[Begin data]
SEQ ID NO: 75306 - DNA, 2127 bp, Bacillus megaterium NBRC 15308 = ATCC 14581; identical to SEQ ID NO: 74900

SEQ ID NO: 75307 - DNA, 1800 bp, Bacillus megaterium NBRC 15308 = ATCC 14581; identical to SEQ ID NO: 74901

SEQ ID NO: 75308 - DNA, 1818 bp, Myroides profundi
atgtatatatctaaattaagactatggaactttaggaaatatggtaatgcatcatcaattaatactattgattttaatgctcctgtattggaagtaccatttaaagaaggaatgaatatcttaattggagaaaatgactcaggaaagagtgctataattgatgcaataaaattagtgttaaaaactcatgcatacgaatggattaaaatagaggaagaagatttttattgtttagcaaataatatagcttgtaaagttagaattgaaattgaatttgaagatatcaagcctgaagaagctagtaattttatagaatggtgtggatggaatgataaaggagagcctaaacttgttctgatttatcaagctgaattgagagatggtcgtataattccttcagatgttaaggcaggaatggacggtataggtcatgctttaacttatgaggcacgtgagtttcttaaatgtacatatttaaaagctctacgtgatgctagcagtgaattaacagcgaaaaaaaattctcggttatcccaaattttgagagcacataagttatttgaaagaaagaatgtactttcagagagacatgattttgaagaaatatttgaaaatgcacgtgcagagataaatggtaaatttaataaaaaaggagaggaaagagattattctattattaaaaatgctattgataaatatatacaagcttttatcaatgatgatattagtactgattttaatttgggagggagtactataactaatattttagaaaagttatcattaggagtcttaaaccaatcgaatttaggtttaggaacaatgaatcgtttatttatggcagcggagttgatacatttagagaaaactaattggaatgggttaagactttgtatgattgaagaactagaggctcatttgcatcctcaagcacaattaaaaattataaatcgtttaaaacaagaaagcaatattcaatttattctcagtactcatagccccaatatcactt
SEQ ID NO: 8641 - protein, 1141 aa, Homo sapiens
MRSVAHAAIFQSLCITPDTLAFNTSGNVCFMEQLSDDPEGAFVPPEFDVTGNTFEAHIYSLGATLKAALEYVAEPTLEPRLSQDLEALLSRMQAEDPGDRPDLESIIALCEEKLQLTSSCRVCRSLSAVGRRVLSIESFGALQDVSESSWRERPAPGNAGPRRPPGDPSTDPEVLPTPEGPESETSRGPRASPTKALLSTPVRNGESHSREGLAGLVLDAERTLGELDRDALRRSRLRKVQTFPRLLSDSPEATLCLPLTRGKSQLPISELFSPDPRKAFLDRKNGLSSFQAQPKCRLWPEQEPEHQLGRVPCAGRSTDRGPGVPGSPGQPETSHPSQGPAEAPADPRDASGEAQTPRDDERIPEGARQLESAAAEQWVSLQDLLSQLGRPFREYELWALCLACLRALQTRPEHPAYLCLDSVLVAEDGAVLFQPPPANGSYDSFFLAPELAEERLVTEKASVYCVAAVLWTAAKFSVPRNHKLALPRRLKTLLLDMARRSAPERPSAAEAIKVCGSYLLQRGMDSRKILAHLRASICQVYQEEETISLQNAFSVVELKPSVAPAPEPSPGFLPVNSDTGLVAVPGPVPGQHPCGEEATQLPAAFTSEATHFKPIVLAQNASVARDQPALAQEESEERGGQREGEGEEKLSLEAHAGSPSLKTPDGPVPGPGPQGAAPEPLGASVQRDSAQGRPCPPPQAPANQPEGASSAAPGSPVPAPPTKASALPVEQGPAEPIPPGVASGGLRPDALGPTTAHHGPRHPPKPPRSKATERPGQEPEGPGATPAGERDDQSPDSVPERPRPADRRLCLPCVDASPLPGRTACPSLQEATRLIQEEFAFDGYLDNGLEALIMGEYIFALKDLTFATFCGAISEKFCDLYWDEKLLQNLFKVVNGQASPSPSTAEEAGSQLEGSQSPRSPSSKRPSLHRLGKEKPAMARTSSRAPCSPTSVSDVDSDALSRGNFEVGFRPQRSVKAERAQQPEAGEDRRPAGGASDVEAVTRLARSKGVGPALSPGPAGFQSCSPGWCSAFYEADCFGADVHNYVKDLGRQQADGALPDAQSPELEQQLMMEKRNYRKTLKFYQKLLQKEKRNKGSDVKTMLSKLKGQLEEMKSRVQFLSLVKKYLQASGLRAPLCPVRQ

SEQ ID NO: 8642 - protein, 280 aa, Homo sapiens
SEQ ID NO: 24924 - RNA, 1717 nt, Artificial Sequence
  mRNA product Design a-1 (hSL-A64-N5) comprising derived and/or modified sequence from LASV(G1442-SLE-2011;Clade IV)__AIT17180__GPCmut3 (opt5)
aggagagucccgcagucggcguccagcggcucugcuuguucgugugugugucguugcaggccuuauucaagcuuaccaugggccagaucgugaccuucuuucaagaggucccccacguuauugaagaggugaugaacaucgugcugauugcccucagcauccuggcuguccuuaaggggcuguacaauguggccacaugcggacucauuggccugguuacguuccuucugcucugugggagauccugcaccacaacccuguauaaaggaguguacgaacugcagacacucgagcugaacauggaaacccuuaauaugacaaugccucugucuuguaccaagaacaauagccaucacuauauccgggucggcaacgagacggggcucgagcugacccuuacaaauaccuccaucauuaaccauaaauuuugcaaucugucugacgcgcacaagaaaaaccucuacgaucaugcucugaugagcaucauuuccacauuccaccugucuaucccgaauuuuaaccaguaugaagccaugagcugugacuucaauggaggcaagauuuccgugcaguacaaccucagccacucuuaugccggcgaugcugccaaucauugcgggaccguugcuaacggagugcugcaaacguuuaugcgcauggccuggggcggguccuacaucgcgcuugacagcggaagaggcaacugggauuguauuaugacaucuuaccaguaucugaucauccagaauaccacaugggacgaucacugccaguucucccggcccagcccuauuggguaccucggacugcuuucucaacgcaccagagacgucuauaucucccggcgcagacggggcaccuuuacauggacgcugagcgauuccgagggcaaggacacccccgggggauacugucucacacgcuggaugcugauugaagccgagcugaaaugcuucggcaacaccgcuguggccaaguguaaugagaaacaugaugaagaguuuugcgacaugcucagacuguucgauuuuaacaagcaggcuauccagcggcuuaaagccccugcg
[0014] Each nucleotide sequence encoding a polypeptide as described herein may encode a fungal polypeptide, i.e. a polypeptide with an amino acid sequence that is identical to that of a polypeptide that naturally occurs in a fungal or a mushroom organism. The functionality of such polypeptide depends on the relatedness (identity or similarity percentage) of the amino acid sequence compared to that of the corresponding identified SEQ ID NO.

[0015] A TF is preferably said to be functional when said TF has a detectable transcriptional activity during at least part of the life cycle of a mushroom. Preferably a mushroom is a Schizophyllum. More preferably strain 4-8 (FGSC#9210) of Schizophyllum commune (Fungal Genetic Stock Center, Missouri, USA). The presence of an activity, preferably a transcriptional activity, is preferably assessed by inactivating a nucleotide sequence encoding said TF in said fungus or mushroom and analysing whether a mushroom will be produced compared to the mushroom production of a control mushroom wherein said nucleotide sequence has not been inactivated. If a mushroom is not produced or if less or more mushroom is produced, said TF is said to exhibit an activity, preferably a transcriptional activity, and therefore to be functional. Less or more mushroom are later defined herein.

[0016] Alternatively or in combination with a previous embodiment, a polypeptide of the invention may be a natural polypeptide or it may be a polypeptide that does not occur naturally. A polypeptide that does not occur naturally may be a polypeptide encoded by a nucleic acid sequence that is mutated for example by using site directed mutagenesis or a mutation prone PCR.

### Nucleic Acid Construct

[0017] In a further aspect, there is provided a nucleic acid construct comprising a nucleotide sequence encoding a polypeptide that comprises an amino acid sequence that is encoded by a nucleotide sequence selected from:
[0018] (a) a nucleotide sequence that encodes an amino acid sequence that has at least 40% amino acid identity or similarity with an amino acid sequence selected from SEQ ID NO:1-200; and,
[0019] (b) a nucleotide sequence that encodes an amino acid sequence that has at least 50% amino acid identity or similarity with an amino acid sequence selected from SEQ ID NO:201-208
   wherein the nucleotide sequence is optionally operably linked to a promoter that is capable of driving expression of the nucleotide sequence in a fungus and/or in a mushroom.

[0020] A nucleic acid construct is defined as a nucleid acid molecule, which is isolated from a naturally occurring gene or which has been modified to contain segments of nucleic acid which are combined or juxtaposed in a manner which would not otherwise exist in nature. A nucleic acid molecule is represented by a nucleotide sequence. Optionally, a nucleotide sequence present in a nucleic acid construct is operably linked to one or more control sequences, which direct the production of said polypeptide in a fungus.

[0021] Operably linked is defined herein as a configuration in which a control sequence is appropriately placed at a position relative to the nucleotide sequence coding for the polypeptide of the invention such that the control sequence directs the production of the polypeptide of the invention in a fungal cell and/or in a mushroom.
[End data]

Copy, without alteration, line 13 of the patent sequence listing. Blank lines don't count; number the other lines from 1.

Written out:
[0016] Alternatively or in combination with a previous embodiment, a polypeptide of the invention may be a natural polypeptide or it may be a polypeptide that does not occur naturally. A polypeptide that does not occur naturally may be a polypeptide encoded by a nucleic acid sequence that is mutated for example by using site directed mutagenesis or a mutation prone PCR.